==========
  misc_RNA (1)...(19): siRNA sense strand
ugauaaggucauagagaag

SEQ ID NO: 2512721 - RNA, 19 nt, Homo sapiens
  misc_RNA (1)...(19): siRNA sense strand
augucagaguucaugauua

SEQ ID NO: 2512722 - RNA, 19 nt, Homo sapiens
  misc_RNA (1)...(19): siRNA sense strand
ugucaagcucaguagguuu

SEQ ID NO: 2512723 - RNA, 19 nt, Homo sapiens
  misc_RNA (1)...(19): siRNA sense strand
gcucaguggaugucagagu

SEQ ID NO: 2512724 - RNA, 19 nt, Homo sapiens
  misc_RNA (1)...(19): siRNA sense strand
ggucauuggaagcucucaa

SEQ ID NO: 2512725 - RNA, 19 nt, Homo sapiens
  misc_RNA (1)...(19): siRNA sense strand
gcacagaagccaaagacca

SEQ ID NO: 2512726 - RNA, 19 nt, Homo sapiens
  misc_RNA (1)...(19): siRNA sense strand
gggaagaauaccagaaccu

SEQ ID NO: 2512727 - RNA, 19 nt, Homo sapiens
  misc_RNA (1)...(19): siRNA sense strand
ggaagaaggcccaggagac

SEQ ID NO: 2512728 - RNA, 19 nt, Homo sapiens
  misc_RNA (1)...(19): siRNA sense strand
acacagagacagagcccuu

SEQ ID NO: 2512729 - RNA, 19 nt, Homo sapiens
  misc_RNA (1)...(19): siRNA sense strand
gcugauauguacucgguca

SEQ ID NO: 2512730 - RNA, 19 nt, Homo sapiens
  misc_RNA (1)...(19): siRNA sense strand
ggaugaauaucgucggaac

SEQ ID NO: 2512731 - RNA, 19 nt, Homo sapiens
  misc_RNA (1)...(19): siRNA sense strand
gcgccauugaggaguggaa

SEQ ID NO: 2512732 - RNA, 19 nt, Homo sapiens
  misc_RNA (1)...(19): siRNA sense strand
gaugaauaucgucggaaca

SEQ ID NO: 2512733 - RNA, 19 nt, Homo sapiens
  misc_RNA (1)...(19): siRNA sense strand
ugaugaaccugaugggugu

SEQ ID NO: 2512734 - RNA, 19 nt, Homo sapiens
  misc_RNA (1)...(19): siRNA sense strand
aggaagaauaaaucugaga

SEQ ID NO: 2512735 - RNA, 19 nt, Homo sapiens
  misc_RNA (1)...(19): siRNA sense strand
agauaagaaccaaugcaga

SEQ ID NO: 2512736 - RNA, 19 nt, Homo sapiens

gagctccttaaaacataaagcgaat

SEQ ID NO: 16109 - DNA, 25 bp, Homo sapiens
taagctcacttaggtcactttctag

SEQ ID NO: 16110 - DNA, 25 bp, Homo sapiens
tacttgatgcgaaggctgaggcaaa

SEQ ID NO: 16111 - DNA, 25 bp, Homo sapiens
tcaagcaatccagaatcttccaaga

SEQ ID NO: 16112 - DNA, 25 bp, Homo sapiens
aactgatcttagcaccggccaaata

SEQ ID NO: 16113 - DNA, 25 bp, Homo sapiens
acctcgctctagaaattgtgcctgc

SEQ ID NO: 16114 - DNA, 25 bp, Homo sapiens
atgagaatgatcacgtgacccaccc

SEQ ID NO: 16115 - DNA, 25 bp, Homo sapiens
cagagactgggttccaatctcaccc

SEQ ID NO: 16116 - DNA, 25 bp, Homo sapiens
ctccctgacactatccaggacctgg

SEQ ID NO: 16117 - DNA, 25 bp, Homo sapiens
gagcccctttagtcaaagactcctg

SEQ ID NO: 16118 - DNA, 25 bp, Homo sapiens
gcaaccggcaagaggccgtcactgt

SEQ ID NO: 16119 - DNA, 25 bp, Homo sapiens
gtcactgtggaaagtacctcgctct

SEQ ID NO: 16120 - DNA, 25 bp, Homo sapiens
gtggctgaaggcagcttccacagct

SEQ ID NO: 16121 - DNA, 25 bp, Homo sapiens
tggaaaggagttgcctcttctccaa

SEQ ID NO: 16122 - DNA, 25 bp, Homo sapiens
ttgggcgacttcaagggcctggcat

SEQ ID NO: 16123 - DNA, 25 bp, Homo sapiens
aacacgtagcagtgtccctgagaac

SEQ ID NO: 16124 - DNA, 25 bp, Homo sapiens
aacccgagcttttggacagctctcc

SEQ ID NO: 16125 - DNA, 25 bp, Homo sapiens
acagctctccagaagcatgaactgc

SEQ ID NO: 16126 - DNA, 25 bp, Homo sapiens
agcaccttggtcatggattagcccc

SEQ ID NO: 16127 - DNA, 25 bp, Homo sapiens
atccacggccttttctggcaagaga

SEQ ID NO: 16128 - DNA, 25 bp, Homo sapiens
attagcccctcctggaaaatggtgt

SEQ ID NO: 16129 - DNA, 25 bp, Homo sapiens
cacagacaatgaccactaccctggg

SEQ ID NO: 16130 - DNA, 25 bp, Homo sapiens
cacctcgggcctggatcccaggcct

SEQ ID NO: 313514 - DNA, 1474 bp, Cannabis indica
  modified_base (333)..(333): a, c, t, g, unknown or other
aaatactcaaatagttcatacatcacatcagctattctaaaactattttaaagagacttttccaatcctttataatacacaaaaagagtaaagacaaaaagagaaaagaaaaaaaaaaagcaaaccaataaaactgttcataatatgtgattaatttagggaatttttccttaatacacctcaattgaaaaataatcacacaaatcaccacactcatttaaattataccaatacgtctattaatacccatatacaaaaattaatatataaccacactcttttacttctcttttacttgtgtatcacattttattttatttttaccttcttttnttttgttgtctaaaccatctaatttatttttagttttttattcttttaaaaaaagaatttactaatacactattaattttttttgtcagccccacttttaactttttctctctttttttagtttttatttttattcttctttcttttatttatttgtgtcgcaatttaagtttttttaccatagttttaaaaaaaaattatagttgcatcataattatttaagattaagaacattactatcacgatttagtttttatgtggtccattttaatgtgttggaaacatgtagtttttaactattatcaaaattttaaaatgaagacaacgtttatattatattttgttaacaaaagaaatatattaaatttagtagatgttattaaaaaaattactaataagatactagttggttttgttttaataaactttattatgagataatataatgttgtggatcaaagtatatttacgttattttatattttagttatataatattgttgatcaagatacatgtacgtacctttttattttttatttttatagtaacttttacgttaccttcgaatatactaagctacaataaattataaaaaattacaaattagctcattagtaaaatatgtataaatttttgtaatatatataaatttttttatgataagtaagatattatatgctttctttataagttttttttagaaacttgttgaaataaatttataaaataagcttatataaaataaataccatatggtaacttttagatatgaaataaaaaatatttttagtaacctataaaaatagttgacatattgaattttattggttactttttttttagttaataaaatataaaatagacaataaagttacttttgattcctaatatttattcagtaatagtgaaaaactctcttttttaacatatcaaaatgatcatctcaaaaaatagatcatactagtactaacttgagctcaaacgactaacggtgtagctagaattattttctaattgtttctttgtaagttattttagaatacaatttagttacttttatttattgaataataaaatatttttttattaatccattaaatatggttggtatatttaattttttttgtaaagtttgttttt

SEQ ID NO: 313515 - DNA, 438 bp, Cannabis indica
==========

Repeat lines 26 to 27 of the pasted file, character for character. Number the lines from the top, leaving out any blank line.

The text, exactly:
acacagagacagagcccuu

SEQ ID NO: 2512729 - RNA, 19 nt, Homo sapiens